THE SKELETON IN THE GRASS (1987) by Robert Barnard

Barnard_Skeleton_dellIt is 1936, the year of the Spanish Civil War and the British abdication crisis, and Sarah Causeley is the new Governess for the youngest child of the Hallam family, for generations the lords of a small village in Oxfordshire. She quickly falls in love with the whole clan, but not everybody feels the same way. Stoked by Major Coffey, a fascist embittered after his limelight was stolen by Oswald Mosley, a series of nasty pranks are played on the family. And then one night a dead body is found on their front lawn, lying next to a skeleton …

I submit this review for Bev’s Vintage Mystery Challenge; and Patti Abbott’s Friday’s Forgotten Books meme over at her fab Pattinase blog.

“It’s an observable phenomenon,” insisted Dennis. “And all over the country. Mad women wear socks in Scotland and Wales too.”
“Oh, absolutely,” agrees Elizabeth. “But does a taste for ankle socks drive you mad, or does madness somehow create a taste for ankle socks?”
“And are all ankle-sock wearers mad, and do all mad women wear ankle socks?” contributed Sarah.

This is a beguiling mystery in the truest sense as it is as much about the unravelling of a clever plot as the seduction of Sarah by the progressive and charming Hallams. While the use of the ‘least likely’ suspect gambit will recall Agatha Christie, Barnards’s favourite mystery writer, Evelyn’s Waugh’s Brideshead Revisited is also clearly a major influence, only the Hallams are thankfully not haunted by Catholicism. Instead we see Sarah initially being utterly taken by the family’s bonhomie and do-goodery but then she starts to mature and see that the Hallams are in fact very far from perfect. To make this point Barnard occasionally jumps forward in Sarah’s life to 1941, the mid 1950s and then into the 60s and 70s to get better perspective on the people.

“The present Mr Hallam has often refused to prosecute poachers caught on his farms. Some of the tenants are quite bitter about it.”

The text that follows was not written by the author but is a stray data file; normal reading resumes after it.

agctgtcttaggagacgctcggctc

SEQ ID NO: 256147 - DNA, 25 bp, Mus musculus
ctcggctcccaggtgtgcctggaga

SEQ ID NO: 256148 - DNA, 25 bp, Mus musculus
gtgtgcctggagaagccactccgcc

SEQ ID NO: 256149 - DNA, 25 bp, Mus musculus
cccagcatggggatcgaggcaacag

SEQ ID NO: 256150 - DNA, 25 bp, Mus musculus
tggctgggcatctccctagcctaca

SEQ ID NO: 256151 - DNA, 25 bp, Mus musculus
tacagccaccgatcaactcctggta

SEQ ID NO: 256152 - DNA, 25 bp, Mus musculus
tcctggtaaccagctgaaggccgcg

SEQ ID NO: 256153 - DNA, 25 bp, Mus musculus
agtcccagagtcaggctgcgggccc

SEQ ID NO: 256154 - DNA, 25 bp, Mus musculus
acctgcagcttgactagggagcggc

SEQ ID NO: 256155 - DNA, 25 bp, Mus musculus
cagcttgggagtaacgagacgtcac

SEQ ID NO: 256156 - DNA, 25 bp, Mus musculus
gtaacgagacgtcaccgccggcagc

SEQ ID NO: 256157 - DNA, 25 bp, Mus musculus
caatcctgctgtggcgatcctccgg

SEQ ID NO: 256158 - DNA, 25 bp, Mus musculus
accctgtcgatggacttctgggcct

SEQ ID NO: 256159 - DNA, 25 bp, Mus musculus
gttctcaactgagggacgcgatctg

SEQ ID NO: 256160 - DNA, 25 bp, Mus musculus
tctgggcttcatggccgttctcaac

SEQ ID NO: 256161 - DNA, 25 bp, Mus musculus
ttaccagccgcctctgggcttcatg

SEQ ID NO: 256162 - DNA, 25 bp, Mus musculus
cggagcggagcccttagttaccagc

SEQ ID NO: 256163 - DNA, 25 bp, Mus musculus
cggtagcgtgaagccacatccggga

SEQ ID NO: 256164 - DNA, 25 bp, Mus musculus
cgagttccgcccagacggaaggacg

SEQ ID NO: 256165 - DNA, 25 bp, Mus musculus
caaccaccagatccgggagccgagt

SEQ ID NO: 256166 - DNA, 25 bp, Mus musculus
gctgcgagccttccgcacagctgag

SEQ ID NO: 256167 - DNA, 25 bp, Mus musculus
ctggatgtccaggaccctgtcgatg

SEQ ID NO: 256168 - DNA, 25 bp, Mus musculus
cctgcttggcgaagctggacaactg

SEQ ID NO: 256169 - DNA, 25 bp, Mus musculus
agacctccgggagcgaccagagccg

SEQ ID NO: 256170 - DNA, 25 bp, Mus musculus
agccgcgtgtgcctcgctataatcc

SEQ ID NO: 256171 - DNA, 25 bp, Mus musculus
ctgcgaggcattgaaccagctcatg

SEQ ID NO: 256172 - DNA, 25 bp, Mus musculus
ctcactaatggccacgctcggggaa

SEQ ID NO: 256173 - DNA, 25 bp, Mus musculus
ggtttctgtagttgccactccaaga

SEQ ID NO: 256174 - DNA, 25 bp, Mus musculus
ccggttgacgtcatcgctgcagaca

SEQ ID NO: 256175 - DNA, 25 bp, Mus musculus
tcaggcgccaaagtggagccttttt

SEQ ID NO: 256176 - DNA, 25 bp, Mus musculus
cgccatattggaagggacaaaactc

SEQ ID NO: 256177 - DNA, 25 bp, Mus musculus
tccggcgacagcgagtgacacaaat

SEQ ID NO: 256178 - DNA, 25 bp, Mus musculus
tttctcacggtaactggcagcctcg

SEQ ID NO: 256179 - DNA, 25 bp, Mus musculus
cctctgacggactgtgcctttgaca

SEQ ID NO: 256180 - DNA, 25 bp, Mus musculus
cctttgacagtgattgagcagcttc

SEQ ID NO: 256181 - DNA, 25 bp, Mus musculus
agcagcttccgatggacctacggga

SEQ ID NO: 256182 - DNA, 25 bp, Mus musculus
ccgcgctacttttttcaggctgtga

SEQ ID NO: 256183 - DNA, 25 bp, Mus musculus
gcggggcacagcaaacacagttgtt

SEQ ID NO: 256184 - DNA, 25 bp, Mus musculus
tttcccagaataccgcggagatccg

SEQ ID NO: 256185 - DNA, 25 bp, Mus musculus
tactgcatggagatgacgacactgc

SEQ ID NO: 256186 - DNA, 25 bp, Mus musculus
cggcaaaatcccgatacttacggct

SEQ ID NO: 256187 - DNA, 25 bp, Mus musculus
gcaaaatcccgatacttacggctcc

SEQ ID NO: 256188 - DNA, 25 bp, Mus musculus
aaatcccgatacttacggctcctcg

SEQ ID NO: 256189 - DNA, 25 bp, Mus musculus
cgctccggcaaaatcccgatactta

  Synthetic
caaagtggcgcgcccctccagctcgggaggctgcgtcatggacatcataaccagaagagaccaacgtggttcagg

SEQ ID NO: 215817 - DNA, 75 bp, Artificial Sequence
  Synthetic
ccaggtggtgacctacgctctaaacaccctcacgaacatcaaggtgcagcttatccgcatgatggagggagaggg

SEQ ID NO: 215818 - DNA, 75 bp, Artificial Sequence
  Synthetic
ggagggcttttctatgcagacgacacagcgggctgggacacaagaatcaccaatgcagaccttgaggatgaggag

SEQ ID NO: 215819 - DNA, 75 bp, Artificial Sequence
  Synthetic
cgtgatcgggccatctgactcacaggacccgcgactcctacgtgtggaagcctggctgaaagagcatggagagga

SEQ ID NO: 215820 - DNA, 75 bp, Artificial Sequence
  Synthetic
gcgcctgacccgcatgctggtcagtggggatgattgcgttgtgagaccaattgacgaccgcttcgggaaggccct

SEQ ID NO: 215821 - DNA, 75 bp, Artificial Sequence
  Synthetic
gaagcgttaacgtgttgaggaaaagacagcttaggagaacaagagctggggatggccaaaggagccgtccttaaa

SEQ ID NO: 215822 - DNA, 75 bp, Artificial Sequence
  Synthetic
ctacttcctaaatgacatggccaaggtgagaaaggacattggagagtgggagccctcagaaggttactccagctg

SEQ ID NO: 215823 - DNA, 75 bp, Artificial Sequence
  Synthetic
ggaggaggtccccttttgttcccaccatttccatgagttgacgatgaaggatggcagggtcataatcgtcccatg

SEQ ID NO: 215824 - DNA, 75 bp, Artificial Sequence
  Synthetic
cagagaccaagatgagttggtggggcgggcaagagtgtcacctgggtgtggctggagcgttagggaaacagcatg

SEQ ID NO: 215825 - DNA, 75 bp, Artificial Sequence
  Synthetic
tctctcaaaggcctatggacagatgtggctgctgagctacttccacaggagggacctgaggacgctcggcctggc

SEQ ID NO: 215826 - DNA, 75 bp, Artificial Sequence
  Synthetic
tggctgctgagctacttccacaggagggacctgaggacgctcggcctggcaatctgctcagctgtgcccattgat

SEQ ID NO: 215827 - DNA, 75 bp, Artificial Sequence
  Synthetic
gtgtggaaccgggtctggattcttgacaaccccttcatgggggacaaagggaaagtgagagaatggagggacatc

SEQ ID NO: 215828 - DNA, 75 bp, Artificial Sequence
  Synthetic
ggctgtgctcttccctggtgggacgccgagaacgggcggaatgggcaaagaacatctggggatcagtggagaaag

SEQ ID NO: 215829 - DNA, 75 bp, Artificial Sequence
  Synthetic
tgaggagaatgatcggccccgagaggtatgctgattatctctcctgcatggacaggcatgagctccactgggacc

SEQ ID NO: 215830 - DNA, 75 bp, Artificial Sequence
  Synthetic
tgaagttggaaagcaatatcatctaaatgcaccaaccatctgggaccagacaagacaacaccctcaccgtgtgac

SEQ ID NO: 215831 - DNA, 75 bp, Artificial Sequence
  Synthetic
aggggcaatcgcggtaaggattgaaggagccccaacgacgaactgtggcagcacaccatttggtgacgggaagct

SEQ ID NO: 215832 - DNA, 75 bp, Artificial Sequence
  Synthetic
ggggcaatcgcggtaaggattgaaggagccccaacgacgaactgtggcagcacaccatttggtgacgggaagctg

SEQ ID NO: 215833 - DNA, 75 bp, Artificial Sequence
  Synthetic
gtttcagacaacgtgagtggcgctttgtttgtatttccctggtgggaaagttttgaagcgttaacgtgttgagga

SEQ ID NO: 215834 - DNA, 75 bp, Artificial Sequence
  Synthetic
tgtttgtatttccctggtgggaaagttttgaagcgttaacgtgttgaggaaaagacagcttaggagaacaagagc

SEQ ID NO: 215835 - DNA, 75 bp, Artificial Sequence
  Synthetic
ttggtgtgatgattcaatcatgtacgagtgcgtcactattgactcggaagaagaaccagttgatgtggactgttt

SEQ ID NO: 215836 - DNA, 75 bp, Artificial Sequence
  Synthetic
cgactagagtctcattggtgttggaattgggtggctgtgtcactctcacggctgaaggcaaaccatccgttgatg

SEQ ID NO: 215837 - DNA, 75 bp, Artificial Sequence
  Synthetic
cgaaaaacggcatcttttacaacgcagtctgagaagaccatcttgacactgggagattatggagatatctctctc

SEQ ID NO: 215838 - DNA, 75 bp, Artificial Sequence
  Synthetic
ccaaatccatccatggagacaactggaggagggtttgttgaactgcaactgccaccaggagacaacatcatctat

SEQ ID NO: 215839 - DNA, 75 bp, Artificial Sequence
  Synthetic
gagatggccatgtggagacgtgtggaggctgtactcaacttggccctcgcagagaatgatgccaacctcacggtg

Barnard_Skeleton-in-the-GrassDennis Hallam inherited the state after the death of his brother in the First World War, while he was invalided out early on (some say by shooting himself), and knows that he is not best suited to the job, much preferring to write book reviews for The Observer and undertake other more intellectual pursuits. Oldest son Will decides to head off to Spain to fight in the war, much to the family’s worry, daughter Elizabeth concentrates on her plans to make her debut in high society while Oliver continues his studies at Oxford. While Sarah looks after six-year-old Chloe, she gets to meet the Hallam’s extended family – including Cousin Mostyn, a pleasant man but a bit of a buffoon holding a small position in government. It is while the family is at a party at his house that the death occurs but as the house was stuffed with people it is impossible for anybody to have much of an alibi – did the Hallams decided to kill the prankster in revenge? The village soon starts to think so but, despite the best efforts of the police, it will ultimately be years before Sarah learns the truth. The plot is good (Barnard was always a very cunning writer) but its the characterisation and small village period flavour that I really enjoyed. A top-notch book and a good mystery too. TracyK recently reviewed this book over at her blog, Bitter Tea and Mystery.

The I submit this review for Bev’s 2015 Silver Age Vintage Mystery Challenge bingo in the ‘other than murder’ category as the killing ultimately proves accidental:

011-Vintage-Silver-Barnard

***** (3.5 fedora tips out of 5)

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30 Responses to THE SKELETON IN THE GRASS (1987) by Robert Barnard

  1. You’re quite right about Barnard, Sergio – an author I’ve not re-read recently, and really must. And that slow unfolding of the truth over time is something I’ve always enjoyed when it’s done well. An excellent review as ever, and glad you liked this. Yet another author I am ashamed not to have put in the spotlight on my blog yet…

  2. Colin says: